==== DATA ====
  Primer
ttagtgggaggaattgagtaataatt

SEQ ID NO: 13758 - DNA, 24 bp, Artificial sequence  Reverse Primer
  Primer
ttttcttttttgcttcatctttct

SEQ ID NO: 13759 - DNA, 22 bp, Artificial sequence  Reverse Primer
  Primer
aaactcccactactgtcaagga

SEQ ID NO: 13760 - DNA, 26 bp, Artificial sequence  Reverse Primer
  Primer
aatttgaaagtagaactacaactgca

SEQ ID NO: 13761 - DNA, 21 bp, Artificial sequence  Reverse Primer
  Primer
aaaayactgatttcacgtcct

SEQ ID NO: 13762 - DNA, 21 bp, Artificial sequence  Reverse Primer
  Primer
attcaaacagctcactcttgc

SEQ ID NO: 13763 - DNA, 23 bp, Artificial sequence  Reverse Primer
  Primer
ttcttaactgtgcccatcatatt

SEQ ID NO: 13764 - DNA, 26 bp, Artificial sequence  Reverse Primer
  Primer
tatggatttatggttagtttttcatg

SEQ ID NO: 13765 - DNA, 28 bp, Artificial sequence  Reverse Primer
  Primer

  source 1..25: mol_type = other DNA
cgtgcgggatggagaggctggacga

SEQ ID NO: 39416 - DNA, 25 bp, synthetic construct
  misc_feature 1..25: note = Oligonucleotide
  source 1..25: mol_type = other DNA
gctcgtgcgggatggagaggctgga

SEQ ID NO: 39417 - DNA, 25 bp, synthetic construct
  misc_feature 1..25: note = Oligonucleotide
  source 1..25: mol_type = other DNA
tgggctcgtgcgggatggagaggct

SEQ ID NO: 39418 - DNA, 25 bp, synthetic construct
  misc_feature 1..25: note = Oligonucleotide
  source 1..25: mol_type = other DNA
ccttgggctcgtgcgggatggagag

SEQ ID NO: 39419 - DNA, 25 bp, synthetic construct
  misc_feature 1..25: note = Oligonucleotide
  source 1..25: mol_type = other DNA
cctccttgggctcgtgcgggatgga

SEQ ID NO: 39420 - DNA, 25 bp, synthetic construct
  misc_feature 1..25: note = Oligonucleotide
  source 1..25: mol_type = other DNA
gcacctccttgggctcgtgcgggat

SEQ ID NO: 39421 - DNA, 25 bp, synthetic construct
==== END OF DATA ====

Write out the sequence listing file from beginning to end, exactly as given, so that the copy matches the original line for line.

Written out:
  Primer
ttagtgggaggaattgagtaataatt

SEQ ID NO: 13758 - DNA, 24 bp, Artificial sequence  Reverse Primer
  Primer
ttttcttttttgcttcatctttct

SEQ ID NO: 13759 - DNA, 22 bp, Artificial sequence  Reverse Primer
  Primer
aaactcccactactgtcaagga

SEQ ID NO: 13760 - DNA, 26 bp, Artificial sequence  Reverse Primer
  Primer
aatttgaaagtagaactacaactgca

SEQ ID NO: 13761 - DNA, 21 bp, Artificial sequence  Reverse Primer
  Primer
aaaayactgatttcacgtcct

SEQ ID NO: 13762 - DNA, 21 bp, Artificial sequence  Reverse Primer
  Primer
attcaaacagctcactcttgc

SEQ ID NO: 13763 - DNA, 23 bp, Artificial sequence  Reverse Primer
  Primer
ttcttaactgtgcccatcatatt

SEQ ID NO: 13764 - DNA, 26 bp, Artificial sequence  Reverse Primer
  Primer
tatggatttatggttagtttttcatg

SEQ ID NO: 13765 - DNA, 28 bp, Artificial sequence  Reverse Primer
  Primer

  source 1..25: mol_type = other DNA
cgtgcgggatggagaggctggacga

SEQ ID NO: 39416 - DNA, 25 bp, synthetic construct
  misc_feature 1..25: note = Oligonucleotide
  source 1..25: mol_type = other DNA
gctcgtgcgggatggagaggctgga

SEQ ID NO: 39417 - DNA, 25 bp, synthetic construct
  misc_feature 1..25: note = Oligonucleotide
  source 1..25: mol_type = other DNA
tgggctcgtgcgggatggagaggct

SEQ ID NO: 39418 - DNA, 25 bp, synthetic construct
  misc_feature 1..25: note = Oligonucleotide
  source 1..25: mol_type = other DNA
ccttgggctcgtgcgggatggagag

SEQ ID NO: 39419 - DNA, 25 bp, synthetic construct
  misc_feature 1..25: note = Oligonucleotide
  source 1..25: mol_type = other DNA
cctccttgggctcgtgcgggatgga

SEQ ID NO: 39420 - DNA, 25 bp, synthetic construct
  misc_feature 1..25: note = Oligonucleotide
  source 1..25: mol_type = other DNA
gcacctccttgggctcgtgcgggat

SEQ ID NO: 39421 - DNA, 25 bp, synthetic construct